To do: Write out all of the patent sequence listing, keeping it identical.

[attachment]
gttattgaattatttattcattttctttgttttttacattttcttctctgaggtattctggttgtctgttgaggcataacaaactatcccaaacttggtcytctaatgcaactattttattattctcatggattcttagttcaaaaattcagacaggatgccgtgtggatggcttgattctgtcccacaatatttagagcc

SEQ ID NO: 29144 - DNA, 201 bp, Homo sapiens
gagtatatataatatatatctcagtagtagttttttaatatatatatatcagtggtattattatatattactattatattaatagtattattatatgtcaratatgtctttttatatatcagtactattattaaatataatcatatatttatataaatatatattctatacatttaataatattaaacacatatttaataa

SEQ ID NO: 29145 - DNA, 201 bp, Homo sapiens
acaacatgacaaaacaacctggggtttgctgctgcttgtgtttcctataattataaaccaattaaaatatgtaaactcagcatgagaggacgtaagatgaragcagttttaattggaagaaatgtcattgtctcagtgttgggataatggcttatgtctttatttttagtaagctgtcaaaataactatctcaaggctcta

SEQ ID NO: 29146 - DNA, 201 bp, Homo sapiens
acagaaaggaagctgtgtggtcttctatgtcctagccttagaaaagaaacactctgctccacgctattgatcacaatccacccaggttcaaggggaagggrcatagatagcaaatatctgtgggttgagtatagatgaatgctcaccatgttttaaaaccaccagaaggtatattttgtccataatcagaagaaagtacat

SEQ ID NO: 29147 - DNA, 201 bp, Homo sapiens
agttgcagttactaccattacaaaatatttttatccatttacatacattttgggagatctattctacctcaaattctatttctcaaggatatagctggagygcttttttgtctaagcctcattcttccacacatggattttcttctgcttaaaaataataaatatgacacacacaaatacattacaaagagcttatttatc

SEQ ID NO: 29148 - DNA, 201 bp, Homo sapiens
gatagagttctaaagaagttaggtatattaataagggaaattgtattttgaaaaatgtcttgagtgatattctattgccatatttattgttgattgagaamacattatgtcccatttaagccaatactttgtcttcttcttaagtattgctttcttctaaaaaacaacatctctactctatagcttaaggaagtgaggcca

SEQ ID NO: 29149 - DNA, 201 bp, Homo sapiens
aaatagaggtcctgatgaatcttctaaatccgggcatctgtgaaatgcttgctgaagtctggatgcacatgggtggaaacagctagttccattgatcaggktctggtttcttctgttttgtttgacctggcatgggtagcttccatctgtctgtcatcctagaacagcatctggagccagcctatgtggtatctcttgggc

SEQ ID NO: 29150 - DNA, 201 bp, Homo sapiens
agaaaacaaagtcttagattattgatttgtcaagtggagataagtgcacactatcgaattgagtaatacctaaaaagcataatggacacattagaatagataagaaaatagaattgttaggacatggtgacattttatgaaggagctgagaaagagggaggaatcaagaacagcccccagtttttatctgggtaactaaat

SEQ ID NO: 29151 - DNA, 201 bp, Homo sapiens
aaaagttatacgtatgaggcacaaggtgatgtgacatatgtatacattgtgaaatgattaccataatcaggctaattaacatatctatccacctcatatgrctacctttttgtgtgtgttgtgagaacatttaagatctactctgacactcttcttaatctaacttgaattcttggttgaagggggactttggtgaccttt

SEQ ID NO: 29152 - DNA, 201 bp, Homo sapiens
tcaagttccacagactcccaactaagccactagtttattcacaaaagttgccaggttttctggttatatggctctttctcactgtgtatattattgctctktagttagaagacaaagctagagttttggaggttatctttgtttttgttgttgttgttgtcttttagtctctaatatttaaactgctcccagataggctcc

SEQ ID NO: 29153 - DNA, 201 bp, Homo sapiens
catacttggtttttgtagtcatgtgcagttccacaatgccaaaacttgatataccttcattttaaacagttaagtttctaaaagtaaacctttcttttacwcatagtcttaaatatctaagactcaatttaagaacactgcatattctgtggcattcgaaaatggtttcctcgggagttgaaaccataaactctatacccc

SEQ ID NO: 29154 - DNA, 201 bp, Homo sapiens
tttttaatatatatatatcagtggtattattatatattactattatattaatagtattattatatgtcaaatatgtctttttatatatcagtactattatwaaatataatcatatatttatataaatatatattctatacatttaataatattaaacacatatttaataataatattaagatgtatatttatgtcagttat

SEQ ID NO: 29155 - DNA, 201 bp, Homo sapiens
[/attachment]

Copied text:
gttattgaattatttattcattttctttgttttttacattttcttctctgaggtattctggttgtctgttgaggcataacaaactatcccaaacttggtcytctaatgcaactattttattattctcatggattcttagttcaaaaattcagacaggatgccgtgtggatggcttgattctgtcccacaatatttagagcc

SEQ ID NO: 29144 - DNA, 201 bp, Homo sapiens
gagtatatataatatatatctcagtagtagttttttaatatatatatatcagtggtattattatatattactattatattaatagtattattatatgtcaratatgtctttttatatatcagtactattattaaatataatcatatatttatataaatatatattctatacatttaataatattaaacacatatttaataa

SEQ ID NO: 29145 - DNA, 201 bp, Homo sapiens
acaacatgacaaaacaacctggggtttgctgctgcttgtgtttcctataattataaaccaattaaaatatgtaaactcagcatgagaggacgtaagatgaragcagttttaattggaagaaatgtcattgtctcagtgttgggataatggcttatgtctttatttttagtaagctgtcaaaataactatctcaaggctcta

SEQ ID NO: 29146 - DNA, 201 bp, Homo sapiens
acagaaaggaagctgtgtggtcttctatgtcctagccttagaaaagaaacactctgctccacgctattgatcacaatccacccaggttcaaggggaagggrcatagatagcaaatatctgtgggttgagtatagatgaatgctcaccatgttttaaaaccaccagaaggtatattttgtccataatcagaagaaagtacat

SEQ ID NO: 29147 - DNA, 201 bp, Homo sapiens
agttgcagttactaccattacaaaatatttttatccatttacatacattttgggagatctattctacctcaaattctatttctcaaggatatagctggagygcttttttgtctaagcctcattcttccacacatggattttcttctgcttaaaaataataaatatgacacacacaaatacattacaaagagcttatttatc

SEQ ID NO: 29148 - DNA, 201 bp, Homo sapiens
gatagagttctaaagaagttaggtatattaataagggaaattgtattttgaaaaatgtcttgagtgatattctattgccatatttattgttgattgagaamacattatgtcccatttaagccaatactttgtcttcttcttaagtattgctttcttctaaaaaacaacatctctactctatagcttaaggaagtgaggcca

SEQ ID NO: 29149 - DNA, 201 bp, Homo sapiens
aaatagaggtcctgatgaatcttctaaatccgggcatctgtgaaatgcttgctgaagtctggatgcacatgggtggaaacagctagttccattgatcaggktctggtttcttctgttttgtttgacctggcatgggtagcttccatctgtctgtcatcctagaacagcatctggagccagcctatgtggtatctcttgggc

SEQ ID NO: 29150 - DNA, 201 bp, Homo sapiens
agaaaacaaagtcttagattattgatttgtcaagtggagataagtgcacactatcgaattgagtaatacctaaaaagcataatggacacattagaatagataagaaaatagaattgttaggacatggtgacattttatgaaggagctgagaaagagggaggaatcaagaacagcccccagtttttatctgggtaactaaat

SEQ ID NO: 29151 - DNA, 201 bp, Homo sapiens
aaaagttatacgtatgaggcacaaggtgatgtgacatatgtatacattgtgaaatgattaccataatcaggctaattaacatatctatccacctcatatgrctacctttttgtgtgtgttgtgagaacatttaagatctactctgacactcttcttaatctaacttgaattcttggttgaagggggactttggtgaccttt

SEQ ID NO: 29152 - DNA, 201 bp, Homo sapiens
tcaagttccacagactcccaactaagccactagtttattcacaaaagttgccaggttttctggttatatggctctttctcactgtgtatattattgctctktagttagaagacaaagctagagttttggaggttatctttgtttttgttgttgttgttgtcttttagtctctaatatttaaactgctcccagataggctcc

SEQ ID NO: 29153 - DNA, 201 bp, Homo sapiens
catacttggtttttgtagtcatgtgcagttccacaatgccaaaacttgatataccttcattttaaacagttaagtttctaaaagtaaacctttcttttacwcatagtcttaaatatctaagactcaatttaagaacactgcatattctgtggcattcgaaaatggtttcctcgggagttgaaaccataaactctatacccc

SEQ ID NO: 29154 - DNA, 201 bp, Homo sapiens
tttttaatatatatatatcagtggtattattatatattactattatattaatagtattattatatgtcaaatatgtctttttatatatcagtactattatwaaatataatcatatatttatataaatatatattctatacatttaataatattaaacacatatttaataataatattaagatgtatatttatgtcagttat

SEQ ID NO: 29155 - DNA, 201 bp, Homo sapiens